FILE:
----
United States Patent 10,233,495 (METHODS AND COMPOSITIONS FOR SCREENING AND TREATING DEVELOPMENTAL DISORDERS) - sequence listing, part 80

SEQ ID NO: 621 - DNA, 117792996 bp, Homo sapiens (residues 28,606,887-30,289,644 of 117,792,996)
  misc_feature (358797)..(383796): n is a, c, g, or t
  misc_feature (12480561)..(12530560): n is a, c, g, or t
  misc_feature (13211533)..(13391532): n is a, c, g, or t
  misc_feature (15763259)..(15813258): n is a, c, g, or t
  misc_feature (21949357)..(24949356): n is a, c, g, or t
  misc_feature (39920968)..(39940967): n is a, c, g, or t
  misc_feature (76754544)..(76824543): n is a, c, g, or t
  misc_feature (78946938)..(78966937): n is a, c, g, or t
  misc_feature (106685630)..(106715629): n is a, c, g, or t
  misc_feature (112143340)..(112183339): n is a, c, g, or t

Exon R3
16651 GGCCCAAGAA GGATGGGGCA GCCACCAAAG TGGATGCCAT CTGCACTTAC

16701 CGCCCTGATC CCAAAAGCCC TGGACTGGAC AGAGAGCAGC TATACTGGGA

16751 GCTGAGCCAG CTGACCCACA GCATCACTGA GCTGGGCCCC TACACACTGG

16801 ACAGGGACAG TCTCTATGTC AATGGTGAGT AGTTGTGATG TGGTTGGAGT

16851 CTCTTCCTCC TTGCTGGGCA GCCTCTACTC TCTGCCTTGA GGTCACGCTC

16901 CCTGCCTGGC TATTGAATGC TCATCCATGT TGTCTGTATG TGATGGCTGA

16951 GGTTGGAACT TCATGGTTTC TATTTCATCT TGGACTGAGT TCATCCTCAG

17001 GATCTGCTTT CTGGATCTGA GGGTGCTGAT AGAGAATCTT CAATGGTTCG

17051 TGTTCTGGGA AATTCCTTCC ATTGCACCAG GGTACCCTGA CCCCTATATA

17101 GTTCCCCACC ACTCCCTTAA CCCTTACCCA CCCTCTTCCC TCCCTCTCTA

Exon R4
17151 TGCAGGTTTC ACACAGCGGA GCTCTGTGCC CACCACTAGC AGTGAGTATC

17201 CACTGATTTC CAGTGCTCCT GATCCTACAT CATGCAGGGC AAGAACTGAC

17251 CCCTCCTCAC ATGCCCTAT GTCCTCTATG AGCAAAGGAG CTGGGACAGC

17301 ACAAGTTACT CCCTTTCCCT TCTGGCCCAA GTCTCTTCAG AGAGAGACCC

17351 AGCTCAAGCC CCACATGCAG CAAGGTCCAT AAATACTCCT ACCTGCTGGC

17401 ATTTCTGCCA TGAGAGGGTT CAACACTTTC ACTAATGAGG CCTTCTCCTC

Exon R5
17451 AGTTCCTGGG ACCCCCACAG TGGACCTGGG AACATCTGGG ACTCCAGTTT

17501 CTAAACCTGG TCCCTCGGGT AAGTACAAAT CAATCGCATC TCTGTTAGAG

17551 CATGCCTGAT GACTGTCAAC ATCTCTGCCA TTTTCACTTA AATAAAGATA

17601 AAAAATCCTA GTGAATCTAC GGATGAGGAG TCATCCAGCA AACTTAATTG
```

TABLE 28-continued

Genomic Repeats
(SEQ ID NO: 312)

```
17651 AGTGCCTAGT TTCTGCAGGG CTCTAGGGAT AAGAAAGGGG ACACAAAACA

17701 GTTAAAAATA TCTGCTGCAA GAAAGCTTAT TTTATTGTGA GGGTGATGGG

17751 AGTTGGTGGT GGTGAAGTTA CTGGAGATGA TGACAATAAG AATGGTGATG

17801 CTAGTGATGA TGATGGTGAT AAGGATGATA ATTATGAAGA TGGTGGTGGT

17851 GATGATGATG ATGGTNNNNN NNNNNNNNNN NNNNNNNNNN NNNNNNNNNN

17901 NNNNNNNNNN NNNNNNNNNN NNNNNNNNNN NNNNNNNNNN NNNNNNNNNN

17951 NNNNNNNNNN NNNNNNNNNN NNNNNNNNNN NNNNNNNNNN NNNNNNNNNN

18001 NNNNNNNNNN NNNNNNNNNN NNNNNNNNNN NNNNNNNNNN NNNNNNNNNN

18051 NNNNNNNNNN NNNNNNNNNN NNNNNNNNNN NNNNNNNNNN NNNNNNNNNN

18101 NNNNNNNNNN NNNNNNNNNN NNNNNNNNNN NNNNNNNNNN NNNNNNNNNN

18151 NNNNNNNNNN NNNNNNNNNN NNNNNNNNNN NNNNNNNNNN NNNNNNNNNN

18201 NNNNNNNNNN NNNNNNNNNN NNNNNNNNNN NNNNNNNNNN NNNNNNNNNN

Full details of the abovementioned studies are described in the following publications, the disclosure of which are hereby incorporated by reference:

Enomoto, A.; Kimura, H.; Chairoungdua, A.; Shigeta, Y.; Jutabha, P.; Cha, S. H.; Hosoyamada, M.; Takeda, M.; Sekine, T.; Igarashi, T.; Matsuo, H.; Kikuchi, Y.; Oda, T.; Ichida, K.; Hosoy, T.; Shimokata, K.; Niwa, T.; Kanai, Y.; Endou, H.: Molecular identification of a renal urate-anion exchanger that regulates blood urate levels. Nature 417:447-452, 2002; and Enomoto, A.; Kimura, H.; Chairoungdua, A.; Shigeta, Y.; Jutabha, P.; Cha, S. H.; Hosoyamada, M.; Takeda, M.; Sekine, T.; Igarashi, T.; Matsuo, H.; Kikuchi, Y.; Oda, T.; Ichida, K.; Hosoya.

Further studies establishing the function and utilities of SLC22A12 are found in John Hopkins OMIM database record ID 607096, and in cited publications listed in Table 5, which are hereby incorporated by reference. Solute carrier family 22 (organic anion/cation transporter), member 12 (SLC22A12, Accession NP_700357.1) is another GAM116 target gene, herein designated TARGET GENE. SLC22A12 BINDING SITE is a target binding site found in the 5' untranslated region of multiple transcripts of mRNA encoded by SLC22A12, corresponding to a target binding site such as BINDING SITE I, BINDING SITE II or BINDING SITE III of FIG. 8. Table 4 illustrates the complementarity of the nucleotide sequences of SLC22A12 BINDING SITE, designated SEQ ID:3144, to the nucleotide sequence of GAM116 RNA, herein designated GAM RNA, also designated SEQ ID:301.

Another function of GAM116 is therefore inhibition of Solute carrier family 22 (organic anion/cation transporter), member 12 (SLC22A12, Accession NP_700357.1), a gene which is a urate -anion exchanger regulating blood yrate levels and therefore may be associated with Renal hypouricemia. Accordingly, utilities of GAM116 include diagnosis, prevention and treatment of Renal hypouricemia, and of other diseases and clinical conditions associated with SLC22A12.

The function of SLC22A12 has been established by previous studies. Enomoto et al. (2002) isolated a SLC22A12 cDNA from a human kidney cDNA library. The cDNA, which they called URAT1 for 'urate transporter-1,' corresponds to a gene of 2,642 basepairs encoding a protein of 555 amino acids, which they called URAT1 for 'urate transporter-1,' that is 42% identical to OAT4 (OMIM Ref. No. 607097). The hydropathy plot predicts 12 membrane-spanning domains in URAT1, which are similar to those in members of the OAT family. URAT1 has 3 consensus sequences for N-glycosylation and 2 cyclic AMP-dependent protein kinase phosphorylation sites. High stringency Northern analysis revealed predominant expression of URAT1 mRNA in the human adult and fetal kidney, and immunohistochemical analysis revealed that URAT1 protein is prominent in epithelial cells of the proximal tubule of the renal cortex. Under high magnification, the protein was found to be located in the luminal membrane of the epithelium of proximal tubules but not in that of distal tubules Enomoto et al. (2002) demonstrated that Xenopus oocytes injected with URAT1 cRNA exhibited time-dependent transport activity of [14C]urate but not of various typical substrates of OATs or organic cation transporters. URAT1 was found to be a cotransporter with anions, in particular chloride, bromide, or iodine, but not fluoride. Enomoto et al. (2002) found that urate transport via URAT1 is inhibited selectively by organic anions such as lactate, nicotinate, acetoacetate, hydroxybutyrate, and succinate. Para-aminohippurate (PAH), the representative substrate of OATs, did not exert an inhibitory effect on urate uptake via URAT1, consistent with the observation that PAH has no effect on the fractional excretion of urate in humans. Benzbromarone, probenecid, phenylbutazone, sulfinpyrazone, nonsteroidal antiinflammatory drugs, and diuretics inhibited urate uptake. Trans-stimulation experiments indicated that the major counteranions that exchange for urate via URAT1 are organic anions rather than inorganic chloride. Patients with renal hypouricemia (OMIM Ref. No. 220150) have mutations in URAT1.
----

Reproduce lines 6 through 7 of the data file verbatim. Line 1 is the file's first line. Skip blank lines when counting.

  misc_feature (15763259)..(15813258): n is a, c, g, or t
  misc_feature (21949357)..(24949356): n is a, c, g, or t